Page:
Sunday 12 August 2012
So reads the author’s note in Chris Cleave’s 2011 novel ‘Gold’ about the brutal, relentless, desperate and dangerous nature of being an Olympic level athlete – the sheer awesome reality of the levels of physical and emotional pain that individuals can and choose to push through, to places which are beyond painful, on the very boundary between life and death.
In a dizzying and personal pursuit towards Olympic gold, the author weaves two women cyclists’ intertwined journeys, which are actually about very human things like envy, fear, desperation and loss. The story is gripping: which one of them will make London 2012?
In the end, one of them does and the other does not. But the story, as all stories, is about so much more. While they compete, one of the athletes has a sick child. Cleave says, having witnessed it at first hand: ‘Caring for sick children is the Olympics of parenting. At Great Ormond Street Hospital, parents and staff alike seemed to step up into a state of focused grace in which all worldly concerns are cast off until all that remains is love… it was like being embedded with angels’.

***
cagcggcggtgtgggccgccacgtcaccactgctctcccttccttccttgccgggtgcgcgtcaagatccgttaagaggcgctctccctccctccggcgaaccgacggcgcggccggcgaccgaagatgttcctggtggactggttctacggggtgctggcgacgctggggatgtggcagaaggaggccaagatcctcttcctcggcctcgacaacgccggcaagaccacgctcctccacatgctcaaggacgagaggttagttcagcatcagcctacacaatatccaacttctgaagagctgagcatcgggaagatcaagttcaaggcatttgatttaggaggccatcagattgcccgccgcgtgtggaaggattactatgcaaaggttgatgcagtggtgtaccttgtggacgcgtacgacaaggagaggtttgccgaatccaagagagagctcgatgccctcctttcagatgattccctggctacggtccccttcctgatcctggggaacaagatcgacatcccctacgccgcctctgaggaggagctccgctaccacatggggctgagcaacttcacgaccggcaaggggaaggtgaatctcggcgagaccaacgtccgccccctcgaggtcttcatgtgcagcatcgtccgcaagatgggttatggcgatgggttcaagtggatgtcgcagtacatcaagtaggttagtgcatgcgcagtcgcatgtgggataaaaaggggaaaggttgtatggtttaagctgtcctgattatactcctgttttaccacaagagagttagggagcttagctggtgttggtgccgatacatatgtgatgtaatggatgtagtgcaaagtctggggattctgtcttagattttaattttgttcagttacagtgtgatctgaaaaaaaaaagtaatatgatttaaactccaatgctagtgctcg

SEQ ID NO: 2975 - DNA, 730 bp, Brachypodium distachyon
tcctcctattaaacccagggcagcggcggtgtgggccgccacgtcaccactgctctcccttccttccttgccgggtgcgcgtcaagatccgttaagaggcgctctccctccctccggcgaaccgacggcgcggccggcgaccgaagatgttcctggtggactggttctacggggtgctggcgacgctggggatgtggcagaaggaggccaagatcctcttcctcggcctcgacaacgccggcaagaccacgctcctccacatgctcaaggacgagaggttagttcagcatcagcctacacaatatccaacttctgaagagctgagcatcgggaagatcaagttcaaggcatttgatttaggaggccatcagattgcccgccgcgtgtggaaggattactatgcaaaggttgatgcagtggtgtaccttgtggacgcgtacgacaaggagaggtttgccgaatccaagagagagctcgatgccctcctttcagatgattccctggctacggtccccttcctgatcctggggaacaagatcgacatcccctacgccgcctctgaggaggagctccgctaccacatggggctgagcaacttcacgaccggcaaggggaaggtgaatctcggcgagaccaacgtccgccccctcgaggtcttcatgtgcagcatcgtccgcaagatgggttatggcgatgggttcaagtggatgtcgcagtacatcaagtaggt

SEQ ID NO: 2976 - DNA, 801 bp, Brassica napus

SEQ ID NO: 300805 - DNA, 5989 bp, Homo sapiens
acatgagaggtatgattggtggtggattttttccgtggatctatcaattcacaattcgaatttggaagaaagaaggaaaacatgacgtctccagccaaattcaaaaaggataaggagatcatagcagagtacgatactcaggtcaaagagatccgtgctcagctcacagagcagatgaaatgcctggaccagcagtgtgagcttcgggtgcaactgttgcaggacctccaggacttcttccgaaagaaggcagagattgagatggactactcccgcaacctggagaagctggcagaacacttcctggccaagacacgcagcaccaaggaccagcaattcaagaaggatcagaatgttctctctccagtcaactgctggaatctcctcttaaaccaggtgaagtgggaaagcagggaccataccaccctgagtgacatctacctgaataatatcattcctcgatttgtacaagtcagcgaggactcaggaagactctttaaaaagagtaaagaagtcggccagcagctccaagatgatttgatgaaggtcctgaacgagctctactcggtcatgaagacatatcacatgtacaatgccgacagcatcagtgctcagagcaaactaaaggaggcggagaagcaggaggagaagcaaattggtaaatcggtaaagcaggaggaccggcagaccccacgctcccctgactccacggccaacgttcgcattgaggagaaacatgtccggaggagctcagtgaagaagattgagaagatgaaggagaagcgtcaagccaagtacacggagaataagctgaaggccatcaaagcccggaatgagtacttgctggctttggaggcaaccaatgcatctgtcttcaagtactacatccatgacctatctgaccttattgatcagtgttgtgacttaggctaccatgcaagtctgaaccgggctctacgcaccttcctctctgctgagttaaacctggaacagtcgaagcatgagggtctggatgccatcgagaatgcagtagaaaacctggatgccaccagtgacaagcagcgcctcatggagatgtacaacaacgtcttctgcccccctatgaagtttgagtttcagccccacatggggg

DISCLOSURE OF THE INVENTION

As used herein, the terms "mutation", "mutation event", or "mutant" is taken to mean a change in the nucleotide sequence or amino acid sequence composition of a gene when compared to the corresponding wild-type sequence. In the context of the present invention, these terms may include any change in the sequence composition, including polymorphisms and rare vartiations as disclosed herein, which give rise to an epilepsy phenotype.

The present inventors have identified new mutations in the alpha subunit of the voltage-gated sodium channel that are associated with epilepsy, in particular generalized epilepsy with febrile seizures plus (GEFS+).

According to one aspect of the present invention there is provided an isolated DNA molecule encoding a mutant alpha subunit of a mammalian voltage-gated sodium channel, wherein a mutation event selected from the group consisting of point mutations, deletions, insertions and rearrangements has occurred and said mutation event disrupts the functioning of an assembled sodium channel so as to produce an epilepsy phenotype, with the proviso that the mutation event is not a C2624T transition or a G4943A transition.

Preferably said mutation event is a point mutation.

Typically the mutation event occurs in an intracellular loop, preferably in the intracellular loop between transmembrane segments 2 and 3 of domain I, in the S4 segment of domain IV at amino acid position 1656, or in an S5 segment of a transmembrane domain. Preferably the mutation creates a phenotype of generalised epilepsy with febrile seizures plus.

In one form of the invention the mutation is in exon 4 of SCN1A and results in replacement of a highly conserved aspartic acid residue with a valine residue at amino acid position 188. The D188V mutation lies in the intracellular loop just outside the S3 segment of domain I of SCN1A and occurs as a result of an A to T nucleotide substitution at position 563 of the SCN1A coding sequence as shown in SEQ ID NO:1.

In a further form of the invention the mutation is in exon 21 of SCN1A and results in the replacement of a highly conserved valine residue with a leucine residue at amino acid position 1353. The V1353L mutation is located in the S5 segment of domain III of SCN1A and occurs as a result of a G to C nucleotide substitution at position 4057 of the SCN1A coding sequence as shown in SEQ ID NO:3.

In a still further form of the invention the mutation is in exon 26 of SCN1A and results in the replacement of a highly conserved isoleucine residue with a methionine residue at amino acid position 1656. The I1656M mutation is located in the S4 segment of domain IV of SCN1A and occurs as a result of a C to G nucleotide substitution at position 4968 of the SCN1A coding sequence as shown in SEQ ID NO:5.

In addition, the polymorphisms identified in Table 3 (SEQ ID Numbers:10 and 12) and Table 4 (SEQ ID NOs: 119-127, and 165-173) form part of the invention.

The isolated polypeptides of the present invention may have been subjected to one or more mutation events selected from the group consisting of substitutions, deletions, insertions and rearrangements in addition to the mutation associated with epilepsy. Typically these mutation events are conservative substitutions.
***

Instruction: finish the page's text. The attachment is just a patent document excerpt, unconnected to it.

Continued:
Whether we are competing in the Olympics, looking after a sick child or relative, or engaged in some other daily task which takes our time, energy and attention, surely what makes us most alive is doing the thing which is set before us, putting all we have into it, and allowing the task to become us as we become absorbed into it. Do we then, in unpredictable moments, glimpse the divine, when earthly concerns are cast off, and see that all that remains is love? We might yet meet the occasional angel.
The Revd David Jackson